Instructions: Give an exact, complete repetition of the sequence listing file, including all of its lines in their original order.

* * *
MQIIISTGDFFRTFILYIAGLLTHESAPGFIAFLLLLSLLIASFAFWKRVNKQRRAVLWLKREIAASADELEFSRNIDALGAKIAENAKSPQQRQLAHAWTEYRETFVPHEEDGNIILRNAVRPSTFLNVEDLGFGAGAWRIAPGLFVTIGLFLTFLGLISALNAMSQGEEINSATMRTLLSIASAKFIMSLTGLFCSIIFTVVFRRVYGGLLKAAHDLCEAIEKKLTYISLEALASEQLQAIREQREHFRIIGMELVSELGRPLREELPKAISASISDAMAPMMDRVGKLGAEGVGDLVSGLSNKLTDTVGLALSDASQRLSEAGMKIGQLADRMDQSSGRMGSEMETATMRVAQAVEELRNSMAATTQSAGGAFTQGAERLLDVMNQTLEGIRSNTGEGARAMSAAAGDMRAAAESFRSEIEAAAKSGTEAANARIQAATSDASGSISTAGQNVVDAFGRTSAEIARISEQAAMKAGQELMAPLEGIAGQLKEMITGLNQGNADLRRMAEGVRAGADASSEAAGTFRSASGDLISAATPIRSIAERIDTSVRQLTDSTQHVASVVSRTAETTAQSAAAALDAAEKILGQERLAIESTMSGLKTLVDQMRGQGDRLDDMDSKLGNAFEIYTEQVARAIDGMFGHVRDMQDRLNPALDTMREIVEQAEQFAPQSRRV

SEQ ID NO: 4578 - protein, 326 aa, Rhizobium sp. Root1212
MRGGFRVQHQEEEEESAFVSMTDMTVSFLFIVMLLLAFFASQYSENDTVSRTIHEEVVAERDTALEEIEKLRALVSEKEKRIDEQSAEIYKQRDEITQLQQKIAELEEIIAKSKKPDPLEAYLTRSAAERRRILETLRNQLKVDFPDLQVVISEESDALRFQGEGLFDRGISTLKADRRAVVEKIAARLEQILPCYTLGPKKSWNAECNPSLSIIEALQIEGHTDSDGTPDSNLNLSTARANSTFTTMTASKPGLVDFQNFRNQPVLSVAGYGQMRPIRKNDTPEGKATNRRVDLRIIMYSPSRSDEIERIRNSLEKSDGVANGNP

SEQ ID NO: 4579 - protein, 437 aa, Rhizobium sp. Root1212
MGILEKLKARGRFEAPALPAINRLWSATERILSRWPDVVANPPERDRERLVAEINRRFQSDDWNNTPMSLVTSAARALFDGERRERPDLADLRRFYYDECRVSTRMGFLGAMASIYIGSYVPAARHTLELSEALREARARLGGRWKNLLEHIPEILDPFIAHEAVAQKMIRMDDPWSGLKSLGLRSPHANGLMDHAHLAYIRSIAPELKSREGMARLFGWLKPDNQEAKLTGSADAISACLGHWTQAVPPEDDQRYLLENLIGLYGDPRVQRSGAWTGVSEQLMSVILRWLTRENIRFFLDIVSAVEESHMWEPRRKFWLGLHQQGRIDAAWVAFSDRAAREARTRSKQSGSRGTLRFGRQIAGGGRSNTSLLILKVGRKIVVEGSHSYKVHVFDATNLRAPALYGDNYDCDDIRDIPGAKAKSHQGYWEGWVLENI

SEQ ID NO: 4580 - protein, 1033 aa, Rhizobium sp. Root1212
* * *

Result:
MQIIISTGDFFRTFILYIAGLLTHESAPGFIAFLLLLSLLIASFAFWKRVNKQRRAVLWLKREIAASADELEFSRNIDALGAKIAENAKSPQQRQLAHAWTEYRETFVPHEEDGNIILRNAVRPSTFLNVEDLGFGAGAWRIAPGLFVTIGLFLTFLGLISALNAMSQGEEINSATMRTLLSIASAKFIMSLTGLFCSIIFTVVFRRVYGGLLKAAHDLCEAIEKKLTYISLEALASEQLQAIREQREHFRIIGMELVSELGRPLREELPKAISASISDAMAPMMDRVGKLGAEGVGDLVSGLSNKLTDTVGLALSDASQRLSEAGMKIGQLADRMDQSSGRMGSEMETATMRVAQAVEELRNSMAATTQSAGGAFTQGAERLLDVMNQTLEGIRSNTGEGARAMSAAAGDMRAAAESFRSEIEAAAKSGTEAANARIQAATSDASGSISTAGQNVVDAFGRTSAEIARISEQAAMKAGQELMAPLEGIAGQLKEMITGLNQGNADLRRMAEGVRAGADASSEAAGTFRSASGDLISAATPIRSIAERIDTSVRQLTDSTQHVASVVSRTAETTAQSAAAALDAAEKILGQERLAIESTMSGLKTLVDQMRGQGDRLDDMDSKLGNAFEIYTEQVARAIDGMFGHVRDMQDRLNPALDTMREIVEQAEQFAPQSRRV

SEQ ID NO: 4578 - protein, 326 aa, Rhizobium sp. Root1212
MRGGFRVQHQEEEEESAFVSMTDMTVSFLFIVMLLLAFFASQYSENDTVSRTIHEEVVAERDTALEEIEKLRALVSEKEKRIDEQSAEIYKQRDEITQLQQKIAELEEIIAKSKKPDPLEAYLTRSAAERRRILETLRNQLKVDFPDLQVVISEESDALRFQGEGLFDRGISTLKADRRAVVEKIAARLEQILPCYTLGPKKSWNAECNPSLSIIEALQIEGHTDSDGTPDSNLNLSTARANSTFTTMTASKPGLVDFQNFRNQPVLSVAGYGQMRPIRKNDTPEGKATNRRVDLRIIMYSPSRSDEIERIRNSLEKSDGVANGNP

SEQ ID NO: 4579 - protein, 437 aa, Rhizobium sp. Root1212
MGILEKLKARGRFEAPALPAINRLWSATERILSRWPDVVANPPERDRERLVAEINRRFQSDDWNNTPMSLVTSAARALFDGERRERPDLADLRRFYYDECRVSTRMGFLGAMASIYIGSYVPAARHTLELSEALREARARLGGRWKNLLEHIPEILDPFIAHEAVAQKMIRMDDPWSGLKSLGLRSPHANGLMDHAHLAYIRSIAPELKSREGMARLFGWLKPDNQEAKLTGSADAISACLGHWTQAVPPEDDQRYLLENLIGLYGDPRVQRSGAWTGVSEQLMSVILRWLTRENIRFFLDIVSAVEESHMWEPRRKFWLGLHQQGRIDAAWVAFSDRAAREARTRSKQSGSRGTLRFGRQIAGGGRSNTSLLILKVGRKIVVEGSHSYKVHVFDATNLRAPALYGDNYDCDDIRDIPGAKAKSHQGYWEGWVLENI

SEQ ID NO: 4580 - protein, 1033 aa, Rhizobium sp. Root1212